Fantasy Basketball – 2022-23 NBA Rookie Rankings

Usually, rookies aren’t drafted until the middle to late rounds in fantasy basketball. Yes, every now and then there is a player that slips into the third round, but most seasons a rookie player won’t go until the fourth or fifth round at the earliest. And that is the case again this season.

This presents a huge opportunity for the clever fantasy manager, who is dedicated to the early rounds to create the foundation of his team with a particular rookie placement or two in the middle and late rounds. Find the right rookies, and this can be a winning formula.

But who are the rookies they will have this season? And who are the other first-year sleepy players to watch as the season progresses?


Politicians worthy of

Paolo Banchero, PF, Orlando Magic

Banchero was the better choice overall and played like him in the Summer League. His size, skill and sportsmanship allow him to score at will and control the attack away from dribbling from the front zone. He has the size of the NBA and will be counted on to produce as much of the Desperate Magic team as possible.

Expected font: 20 PPG (46 FG%, 34 3P%, 74 FT%), 8 RPG, 3.5 APG, 1.3 3PG, 1.0 SPG, 1.0 BPG

Keegan Murray, PF, Sacramento Kings

Murray has the best chance of challenging Banchero for the leading scorer in this category. He’s a combo striker who plans to play more power forward in the NBA, with a solid 3-point shooting range and a quick first step of dribbling. Murray showed this summer that he can score 20 points every night if given the chance. The main question is whether he can get enough shots to do so, in a team that includes De’Aaron Fox, Domantas Sabonis and Harrison Barnes.

Expected streak: 18 PPG (49 FG%, 38 3%, 75 FT%), 7 RPG, 1.5 APG, 1.7 3PG, 1.0 SPG, 1.1 BPG

Jabbari Smith Jr., BF, Houston Rockets

Smith is arguably the best downtown shooter in this draft category, and he has the length and defensive timing to develop into one of the best defenders as well. Smith is in line to be the Rockets’ starting force out of the gate, and when attacking he’ll play off the ball as a three-point karma or sporting scorer around the edge. Smith is a solid defender on the ball at the post, and has the speed to turn guards and disrupt pickups and rolls. This defensive style should generate some stats, but not the number of blocks he would get as a pure edge protector.

Expected stats: 14 PPG (43 FG%, 39 3P%, 80 FT%), 6.5 RPG, 2.0 3PG, 1.5 APG, 1.1 BPG, 0.7 SPG

Jaden Ivey, PG/SG, Detroit Pistons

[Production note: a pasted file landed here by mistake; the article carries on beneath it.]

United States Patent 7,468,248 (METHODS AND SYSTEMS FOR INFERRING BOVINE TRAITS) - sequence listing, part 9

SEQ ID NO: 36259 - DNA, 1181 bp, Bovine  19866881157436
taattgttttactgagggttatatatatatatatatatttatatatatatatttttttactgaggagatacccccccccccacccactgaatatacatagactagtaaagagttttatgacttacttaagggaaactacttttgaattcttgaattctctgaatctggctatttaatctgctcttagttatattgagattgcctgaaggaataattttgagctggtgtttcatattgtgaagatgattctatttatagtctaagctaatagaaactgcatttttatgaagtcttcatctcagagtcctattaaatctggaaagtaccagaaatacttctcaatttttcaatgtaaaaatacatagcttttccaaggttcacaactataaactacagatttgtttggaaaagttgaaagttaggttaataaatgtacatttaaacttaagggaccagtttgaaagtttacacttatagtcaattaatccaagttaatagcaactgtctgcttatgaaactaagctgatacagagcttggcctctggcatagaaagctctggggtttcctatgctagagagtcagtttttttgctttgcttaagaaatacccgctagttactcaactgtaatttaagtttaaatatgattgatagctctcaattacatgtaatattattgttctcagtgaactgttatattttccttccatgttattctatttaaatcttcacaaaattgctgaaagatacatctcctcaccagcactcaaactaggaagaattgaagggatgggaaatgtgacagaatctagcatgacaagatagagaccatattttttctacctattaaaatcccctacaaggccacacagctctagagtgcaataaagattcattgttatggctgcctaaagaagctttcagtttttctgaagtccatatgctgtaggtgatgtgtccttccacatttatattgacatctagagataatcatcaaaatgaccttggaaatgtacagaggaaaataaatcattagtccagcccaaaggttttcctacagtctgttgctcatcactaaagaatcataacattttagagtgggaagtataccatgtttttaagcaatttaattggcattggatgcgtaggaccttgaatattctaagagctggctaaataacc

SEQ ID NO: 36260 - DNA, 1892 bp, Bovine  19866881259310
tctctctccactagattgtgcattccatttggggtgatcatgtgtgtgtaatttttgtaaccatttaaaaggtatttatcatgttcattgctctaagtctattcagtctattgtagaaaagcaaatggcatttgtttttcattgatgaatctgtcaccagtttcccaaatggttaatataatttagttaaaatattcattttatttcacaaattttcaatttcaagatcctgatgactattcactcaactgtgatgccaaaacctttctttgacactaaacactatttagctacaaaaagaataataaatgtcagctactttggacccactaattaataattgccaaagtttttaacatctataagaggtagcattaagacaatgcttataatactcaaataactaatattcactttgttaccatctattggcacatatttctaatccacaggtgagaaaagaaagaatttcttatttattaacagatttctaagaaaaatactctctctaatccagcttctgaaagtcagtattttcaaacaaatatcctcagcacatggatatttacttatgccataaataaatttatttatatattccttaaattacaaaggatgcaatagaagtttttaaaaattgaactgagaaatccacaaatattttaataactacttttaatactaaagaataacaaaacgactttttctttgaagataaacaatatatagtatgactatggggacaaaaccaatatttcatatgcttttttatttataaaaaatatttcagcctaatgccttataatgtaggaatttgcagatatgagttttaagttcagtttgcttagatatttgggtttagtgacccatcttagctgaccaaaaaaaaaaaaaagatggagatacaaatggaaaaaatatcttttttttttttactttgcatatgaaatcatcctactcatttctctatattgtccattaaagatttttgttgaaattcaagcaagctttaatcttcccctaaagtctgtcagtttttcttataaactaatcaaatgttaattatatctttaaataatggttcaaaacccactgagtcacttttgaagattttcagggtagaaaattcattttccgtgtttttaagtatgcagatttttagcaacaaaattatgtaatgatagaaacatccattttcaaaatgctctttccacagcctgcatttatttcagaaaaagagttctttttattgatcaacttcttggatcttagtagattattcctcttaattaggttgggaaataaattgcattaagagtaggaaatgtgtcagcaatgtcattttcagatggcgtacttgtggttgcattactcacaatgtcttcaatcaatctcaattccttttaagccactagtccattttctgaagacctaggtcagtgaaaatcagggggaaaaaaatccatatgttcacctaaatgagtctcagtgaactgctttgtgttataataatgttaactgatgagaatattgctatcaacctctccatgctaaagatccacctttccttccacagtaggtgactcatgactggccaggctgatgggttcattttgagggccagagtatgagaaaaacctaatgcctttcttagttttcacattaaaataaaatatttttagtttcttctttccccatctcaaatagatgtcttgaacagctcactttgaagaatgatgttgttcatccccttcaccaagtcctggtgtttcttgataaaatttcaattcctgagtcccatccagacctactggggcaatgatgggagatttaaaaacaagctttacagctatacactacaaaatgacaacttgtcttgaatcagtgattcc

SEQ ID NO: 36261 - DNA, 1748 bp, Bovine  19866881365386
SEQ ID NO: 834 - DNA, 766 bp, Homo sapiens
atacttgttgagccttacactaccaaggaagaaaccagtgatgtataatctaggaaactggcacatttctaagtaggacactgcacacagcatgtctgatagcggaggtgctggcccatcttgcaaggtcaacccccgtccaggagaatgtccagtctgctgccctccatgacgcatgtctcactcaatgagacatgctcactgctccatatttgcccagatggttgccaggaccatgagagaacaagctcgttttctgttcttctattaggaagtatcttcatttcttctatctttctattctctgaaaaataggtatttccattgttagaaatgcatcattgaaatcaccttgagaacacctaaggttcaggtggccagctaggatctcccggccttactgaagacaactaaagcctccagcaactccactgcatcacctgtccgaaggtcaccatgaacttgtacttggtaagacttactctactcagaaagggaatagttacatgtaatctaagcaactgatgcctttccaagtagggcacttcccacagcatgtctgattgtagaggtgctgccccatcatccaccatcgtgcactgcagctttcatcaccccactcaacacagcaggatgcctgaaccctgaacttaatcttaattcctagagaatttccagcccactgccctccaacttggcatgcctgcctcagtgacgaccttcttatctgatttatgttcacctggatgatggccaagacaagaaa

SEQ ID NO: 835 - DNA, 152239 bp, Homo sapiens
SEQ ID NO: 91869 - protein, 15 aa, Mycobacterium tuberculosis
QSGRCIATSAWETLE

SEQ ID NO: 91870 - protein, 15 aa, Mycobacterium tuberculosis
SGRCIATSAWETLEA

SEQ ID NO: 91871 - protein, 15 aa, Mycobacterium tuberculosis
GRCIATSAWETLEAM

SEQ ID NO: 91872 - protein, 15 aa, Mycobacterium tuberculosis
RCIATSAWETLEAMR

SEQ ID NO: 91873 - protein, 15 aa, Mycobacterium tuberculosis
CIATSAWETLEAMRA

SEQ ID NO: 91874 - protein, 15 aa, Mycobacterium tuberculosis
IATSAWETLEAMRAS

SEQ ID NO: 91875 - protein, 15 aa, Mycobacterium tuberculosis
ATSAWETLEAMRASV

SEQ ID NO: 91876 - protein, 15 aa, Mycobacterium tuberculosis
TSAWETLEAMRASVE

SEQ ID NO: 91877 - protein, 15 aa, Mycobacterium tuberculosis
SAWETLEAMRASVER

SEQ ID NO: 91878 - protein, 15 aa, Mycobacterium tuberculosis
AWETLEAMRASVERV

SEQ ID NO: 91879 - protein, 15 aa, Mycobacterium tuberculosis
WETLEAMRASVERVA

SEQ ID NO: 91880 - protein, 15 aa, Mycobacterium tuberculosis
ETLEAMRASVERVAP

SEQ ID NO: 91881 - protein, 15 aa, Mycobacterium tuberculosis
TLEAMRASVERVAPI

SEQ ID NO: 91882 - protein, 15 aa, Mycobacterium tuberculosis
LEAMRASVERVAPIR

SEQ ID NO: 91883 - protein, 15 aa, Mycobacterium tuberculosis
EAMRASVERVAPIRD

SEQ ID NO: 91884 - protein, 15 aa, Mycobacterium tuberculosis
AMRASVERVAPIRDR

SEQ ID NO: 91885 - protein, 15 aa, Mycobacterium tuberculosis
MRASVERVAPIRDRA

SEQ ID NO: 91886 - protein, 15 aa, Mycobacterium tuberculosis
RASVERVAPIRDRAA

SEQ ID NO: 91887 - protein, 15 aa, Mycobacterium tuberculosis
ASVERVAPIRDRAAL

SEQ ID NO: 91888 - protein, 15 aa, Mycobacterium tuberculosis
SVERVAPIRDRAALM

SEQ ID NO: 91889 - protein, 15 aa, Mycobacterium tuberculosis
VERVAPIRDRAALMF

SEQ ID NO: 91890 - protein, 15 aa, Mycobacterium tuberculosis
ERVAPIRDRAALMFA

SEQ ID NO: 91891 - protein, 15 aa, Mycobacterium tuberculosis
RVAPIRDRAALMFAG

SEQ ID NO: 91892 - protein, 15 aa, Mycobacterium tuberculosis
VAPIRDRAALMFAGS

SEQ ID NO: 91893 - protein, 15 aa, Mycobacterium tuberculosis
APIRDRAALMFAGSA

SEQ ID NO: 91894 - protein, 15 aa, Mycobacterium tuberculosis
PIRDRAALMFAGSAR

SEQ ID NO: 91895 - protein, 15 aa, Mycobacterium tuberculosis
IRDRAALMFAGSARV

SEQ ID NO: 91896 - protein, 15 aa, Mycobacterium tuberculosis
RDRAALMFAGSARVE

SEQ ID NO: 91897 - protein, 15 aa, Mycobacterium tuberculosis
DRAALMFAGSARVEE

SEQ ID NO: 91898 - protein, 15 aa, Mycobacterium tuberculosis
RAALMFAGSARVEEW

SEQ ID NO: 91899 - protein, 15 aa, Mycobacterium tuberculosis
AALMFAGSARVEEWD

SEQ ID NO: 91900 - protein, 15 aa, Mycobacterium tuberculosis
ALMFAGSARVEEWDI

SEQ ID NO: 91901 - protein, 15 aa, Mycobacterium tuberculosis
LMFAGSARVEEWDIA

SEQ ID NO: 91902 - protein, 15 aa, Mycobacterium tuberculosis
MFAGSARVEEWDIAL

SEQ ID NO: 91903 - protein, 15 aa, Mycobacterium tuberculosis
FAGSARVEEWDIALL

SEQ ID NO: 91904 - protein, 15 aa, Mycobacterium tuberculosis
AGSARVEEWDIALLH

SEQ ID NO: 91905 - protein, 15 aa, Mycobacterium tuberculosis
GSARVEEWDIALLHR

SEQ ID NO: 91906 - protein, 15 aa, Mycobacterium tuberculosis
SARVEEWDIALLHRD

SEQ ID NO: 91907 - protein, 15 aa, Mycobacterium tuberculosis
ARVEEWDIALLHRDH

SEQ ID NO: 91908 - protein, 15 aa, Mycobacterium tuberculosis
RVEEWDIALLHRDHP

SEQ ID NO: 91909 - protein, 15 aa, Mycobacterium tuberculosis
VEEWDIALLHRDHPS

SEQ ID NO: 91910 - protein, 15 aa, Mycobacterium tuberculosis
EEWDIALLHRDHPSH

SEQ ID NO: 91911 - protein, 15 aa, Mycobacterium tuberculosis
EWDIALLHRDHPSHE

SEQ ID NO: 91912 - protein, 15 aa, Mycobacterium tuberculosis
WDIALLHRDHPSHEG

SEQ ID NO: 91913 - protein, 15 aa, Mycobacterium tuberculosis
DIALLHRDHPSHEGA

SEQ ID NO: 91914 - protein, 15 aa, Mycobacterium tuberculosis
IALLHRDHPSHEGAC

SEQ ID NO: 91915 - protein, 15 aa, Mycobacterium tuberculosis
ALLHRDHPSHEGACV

Ivey is considered the best goalkeeper in this junior class. He’s set to start shooting a guard next to Cade Cunningham this season and has explosive speed and the ability to leap as a creative away from dribbling for himself and his teammates. Ivy was skilled at pick-and-roll as a ball player this summer before he got injured. Since Cunningham is also a combo keeper, the two can share the common/recorder role for the Pistons. Ivey has good potential as a scorer and distributor, with a zigzag 3-point shot that seems to work on him and fast enough to contribute to steals as well.

Expected stats: 16 PPG (45 FG%, 36 3P%, 75 FT%), 4.5 RPG, 4.0 APG, 1.7 3PG, 1.1 SPG, 0.4 BPG

Benedict Mathurin, 6th, Indiana Pacers

Mathurin looked like a summer league pro and could be called upon from day one rebuilding the Pacers. It’s not clear if veterans like Buddy Hield or Myles Turner will remain on the team once the season begins, but Mathurin joins Tyrese Haliburton, Chris Duarte and Jalen Smith as potential building blocks for Indiana in the future. The chemistry between Mathurin and Duarte was one of the highlights of the Pacers’ summer league squad. Mathurin has a great size and wing blast with a powerful 3-point shot. He doesn’t do a lot of dribbling, so he’ll have to rely on his teammates to set him up for open jumps or finishes around the edge.

Expected stats: 14 PPG (44 FG%, 37 3P%, 80 FT%), 4.5 RPG, 1.5 APG, 1.8 3PG, 0.8 SPG, 0.2 BPG

Other rookies you should keep an eye on

Tarry Eason, SF, Houston Rockets

Eason managed to be one of the most productive players on the Rockets this summer while playing alongside Jabari Smith Jr. and Josh Christopher. The 6-foot-8 striker averaged a double with 17 points and 10 rebounds and was an over-contributor to steals, triples and blocks. He’s one of the oldest rookies in this class and is 21, so if called up he can contribute right away. The Rockets are one of the youngest teams in the league, currently starting with four players aged 22 or younger… and 33-year-old Eric Gordon. It looks like Eason and Jae’Sean Tate might have the chance to start from a junior striker before the season ends, and if Eason gets the call, he can play his way up the fantasy radar.